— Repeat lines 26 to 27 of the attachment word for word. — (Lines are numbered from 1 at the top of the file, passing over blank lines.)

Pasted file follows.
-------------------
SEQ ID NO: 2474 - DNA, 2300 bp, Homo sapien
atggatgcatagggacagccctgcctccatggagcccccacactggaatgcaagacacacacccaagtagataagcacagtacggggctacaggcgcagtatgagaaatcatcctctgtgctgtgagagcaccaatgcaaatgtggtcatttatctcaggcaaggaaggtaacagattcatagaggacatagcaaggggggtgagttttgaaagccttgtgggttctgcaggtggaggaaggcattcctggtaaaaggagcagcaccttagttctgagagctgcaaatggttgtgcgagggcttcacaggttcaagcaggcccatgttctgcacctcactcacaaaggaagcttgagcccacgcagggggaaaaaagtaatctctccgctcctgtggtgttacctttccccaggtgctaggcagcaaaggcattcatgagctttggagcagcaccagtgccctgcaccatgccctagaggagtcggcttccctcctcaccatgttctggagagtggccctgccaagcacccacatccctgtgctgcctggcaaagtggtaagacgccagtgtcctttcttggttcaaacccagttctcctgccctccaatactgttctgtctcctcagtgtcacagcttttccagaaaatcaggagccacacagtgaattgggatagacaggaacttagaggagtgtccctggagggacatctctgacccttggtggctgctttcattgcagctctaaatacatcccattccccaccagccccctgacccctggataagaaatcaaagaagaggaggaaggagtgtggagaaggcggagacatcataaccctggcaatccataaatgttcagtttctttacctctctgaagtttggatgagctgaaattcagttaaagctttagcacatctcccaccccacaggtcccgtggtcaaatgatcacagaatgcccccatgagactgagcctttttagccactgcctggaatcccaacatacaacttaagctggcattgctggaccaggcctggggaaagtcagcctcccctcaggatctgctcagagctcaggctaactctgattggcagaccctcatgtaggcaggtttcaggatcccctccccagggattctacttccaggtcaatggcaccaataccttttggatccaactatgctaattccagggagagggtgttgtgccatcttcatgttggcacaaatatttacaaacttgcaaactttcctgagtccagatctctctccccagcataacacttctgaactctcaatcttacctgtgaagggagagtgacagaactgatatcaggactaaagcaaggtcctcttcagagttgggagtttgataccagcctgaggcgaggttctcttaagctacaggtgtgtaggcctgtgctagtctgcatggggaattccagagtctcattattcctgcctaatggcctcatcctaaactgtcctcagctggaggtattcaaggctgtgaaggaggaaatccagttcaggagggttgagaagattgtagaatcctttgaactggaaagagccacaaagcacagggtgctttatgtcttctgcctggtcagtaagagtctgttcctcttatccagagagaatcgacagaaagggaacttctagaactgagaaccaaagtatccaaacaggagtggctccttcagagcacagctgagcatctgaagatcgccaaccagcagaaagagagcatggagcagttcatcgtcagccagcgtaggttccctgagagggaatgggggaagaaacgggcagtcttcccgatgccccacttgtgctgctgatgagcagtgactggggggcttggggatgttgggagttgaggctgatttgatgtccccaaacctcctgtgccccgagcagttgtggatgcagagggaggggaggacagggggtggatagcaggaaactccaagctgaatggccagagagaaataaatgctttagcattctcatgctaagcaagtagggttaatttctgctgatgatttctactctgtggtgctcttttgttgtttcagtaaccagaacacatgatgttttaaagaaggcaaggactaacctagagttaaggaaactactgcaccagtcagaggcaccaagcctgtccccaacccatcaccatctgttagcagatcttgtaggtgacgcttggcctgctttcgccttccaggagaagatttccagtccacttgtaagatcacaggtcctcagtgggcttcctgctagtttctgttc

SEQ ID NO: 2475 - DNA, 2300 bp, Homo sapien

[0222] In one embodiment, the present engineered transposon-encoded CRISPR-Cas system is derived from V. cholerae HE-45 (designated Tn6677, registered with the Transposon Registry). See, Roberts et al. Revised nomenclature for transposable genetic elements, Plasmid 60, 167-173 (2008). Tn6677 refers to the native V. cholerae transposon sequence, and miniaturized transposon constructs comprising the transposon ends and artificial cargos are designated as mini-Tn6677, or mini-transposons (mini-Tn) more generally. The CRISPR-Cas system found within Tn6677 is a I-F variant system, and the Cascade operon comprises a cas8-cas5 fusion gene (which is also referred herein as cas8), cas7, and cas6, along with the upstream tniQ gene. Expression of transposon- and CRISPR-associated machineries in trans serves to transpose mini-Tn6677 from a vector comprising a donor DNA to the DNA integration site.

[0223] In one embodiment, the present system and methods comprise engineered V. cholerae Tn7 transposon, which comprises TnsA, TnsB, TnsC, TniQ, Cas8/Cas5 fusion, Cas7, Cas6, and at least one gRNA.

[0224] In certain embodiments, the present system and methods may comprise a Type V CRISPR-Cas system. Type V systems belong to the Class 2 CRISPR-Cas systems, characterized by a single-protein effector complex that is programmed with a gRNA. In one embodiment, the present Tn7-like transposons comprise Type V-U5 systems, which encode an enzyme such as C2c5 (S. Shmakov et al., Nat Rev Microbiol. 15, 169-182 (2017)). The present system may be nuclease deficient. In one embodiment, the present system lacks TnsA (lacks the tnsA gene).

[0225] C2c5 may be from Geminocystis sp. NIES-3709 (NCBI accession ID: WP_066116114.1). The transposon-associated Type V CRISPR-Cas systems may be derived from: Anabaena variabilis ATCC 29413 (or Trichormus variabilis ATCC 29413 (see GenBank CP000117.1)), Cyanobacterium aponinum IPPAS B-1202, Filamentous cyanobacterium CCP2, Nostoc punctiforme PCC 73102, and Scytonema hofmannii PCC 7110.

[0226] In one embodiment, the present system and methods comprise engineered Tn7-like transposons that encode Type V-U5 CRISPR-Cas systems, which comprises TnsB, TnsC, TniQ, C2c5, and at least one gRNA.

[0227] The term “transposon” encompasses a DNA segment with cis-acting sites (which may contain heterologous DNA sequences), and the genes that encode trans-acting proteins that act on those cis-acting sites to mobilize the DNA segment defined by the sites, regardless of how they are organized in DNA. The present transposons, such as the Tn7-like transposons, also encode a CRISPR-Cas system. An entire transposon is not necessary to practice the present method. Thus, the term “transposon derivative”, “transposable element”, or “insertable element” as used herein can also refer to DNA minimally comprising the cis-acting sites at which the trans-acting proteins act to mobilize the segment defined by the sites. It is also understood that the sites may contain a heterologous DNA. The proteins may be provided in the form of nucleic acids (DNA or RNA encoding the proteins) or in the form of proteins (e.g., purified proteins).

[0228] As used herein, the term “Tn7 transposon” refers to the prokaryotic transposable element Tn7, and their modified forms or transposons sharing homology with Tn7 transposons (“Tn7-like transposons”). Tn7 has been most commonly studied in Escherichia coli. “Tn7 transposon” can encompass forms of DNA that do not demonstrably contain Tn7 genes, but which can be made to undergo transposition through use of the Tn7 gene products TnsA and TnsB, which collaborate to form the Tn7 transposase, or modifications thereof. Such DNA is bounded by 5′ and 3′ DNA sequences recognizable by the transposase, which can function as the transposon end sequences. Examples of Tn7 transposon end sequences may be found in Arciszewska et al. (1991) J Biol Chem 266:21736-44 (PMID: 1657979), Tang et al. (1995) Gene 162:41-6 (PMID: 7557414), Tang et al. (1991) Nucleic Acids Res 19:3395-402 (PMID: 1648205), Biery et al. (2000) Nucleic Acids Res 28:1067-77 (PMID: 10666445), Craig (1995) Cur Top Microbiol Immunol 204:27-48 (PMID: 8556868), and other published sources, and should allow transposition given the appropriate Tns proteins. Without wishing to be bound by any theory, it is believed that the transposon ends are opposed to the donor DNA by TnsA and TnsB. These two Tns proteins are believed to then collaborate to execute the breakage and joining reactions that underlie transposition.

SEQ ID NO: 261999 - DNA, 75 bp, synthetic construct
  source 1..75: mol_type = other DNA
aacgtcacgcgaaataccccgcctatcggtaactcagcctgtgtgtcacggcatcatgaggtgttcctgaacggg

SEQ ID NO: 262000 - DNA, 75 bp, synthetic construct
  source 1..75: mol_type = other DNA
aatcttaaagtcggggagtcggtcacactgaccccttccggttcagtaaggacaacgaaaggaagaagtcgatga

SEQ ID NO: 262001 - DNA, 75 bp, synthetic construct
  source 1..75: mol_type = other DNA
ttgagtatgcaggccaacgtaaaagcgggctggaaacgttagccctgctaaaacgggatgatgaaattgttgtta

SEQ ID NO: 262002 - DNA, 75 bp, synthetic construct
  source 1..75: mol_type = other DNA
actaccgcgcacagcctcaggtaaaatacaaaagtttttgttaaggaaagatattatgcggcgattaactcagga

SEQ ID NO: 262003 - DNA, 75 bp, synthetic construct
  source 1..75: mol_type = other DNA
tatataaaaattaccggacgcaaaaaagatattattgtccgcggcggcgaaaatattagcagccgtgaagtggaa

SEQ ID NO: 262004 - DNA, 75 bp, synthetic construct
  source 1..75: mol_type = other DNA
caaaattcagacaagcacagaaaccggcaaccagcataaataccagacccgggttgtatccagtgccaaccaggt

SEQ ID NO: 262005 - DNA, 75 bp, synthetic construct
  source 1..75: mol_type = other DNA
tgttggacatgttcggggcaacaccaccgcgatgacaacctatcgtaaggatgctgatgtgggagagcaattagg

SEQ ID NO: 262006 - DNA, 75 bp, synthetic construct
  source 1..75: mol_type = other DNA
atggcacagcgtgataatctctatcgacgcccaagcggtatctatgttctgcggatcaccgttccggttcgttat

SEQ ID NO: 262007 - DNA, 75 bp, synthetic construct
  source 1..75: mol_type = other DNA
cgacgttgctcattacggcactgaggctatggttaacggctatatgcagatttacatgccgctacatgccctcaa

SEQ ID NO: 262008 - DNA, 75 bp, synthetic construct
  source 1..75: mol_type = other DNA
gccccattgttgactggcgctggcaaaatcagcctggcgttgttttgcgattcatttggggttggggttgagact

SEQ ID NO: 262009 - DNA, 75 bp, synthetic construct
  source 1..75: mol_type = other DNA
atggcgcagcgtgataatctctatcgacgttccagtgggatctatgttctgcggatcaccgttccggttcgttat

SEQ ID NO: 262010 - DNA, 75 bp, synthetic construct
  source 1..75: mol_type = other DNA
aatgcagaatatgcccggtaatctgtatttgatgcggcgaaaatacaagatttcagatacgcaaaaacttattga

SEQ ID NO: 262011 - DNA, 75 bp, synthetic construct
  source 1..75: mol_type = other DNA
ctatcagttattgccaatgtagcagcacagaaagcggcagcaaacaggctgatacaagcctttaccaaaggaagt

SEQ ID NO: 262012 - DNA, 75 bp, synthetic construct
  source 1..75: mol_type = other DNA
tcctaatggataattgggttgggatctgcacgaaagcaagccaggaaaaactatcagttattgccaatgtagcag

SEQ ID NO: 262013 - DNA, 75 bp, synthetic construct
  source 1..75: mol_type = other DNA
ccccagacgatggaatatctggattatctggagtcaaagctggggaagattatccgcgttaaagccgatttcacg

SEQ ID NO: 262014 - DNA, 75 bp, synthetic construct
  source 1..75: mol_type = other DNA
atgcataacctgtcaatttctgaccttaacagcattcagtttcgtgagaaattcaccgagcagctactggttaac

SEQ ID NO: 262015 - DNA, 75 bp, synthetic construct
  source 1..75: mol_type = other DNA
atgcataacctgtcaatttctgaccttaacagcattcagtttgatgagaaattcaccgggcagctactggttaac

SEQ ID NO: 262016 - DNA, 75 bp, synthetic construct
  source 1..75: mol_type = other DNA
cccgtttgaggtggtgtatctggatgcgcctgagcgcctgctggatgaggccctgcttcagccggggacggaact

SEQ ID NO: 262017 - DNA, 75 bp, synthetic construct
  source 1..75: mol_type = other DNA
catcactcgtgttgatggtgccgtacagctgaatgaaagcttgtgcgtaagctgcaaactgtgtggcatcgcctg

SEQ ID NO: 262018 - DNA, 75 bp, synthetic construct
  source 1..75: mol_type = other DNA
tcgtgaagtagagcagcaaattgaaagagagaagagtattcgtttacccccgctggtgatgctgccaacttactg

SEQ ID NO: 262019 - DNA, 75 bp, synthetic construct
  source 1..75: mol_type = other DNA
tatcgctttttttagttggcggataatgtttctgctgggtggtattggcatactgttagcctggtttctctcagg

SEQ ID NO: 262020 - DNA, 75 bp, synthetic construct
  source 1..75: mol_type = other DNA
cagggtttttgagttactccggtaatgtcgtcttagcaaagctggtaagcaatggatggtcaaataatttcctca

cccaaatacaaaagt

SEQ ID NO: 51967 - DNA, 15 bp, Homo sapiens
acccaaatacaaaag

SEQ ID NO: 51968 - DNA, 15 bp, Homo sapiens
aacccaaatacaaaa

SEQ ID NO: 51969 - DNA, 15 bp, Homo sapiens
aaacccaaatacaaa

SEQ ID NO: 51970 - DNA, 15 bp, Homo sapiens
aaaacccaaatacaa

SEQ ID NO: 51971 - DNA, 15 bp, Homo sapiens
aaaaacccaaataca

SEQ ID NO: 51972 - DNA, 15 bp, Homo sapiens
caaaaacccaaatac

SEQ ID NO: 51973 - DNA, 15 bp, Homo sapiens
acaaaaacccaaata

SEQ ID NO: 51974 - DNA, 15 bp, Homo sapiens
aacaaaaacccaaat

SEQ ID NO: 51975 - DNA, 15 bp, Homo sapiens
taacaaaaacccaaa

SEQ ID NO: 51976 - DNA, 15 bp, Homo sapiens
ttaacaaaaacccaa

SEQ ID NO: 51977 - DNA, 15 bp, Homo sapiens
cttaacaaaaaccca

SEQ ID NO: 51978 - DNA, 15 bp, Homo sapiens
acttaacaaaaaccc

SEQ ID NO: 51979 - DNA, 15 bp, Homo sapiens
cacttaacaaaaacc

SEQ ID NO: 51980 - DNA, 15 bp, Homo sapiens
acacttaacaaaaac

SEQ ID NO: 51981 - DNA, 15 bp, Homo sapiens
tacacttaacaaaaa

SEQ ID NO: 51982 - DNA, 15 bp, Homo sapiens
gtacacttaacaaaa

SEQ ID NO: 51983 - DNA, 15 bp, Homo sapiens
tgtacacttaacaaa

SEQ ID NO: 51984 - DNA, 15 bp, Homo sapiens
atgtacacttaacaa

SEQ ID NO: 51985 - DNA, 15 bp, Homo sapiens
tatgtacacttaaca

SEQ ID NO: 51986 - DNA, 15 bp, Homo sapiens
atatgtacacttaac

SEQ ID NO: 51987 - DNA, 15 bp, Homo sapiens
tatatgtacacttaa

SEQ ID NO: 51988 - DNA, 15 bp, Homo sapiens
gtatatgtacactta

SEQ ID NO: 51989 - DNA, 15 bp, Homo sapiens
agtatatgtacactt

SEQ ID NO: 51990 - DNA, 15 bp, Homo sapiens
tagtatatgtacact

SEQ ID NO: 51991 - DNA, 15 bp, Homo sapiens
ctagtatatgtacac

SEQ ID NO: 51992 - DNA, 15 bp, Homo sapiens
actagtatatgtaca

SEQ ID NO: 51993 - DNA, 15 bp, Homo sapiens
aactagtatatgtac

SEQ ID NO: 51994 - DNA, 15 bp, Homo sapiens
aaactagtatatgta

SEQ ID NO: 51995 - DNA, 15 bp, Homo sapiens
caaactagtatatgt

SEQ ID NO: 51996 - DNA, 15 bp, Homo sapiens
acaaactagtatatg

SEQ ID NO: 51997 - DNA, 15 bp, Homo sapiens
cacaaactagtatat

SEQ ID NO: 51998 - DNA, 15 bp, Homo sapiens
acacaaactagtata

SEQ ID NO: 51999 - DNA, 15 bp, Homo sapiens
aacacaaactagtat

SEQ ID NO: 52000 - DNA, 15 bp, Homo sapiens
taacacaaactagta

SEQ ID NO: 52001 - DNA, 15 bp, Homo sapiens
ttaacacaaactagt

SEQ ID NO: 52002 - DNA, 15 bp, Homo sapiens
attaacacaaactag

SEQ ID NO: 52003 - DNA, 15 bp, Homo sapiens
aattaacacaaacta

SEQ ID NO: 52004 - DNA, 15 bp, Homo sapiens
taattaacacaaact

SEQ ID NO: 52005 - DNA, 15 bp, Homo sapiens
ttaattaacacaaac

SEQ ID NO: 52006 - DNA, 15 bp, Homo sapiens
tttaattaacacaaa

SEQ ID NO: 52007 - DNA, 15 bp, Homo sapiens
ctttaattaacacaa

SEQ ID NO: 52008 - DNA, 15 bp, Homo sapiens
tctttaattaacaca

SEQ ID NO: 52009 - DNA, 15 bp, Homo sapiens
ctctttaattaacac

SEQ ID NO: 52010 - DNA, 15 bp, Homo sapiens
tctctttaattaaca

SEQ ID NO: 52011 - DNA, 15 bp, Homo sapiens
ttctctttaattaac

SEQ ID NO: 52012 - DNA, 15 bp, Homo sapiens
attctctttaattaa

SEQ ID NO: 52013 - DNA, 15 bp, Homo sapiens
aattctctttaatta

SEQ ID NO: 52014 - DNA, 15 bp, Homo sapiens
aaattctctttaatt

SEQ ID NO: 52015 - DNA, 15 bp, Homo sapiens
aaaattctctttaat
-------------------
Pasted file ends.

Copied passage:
SEQ ID NO: 262004 - DNA, 75 bp, synthetic construct
  source 1..75: mol_type = other DNA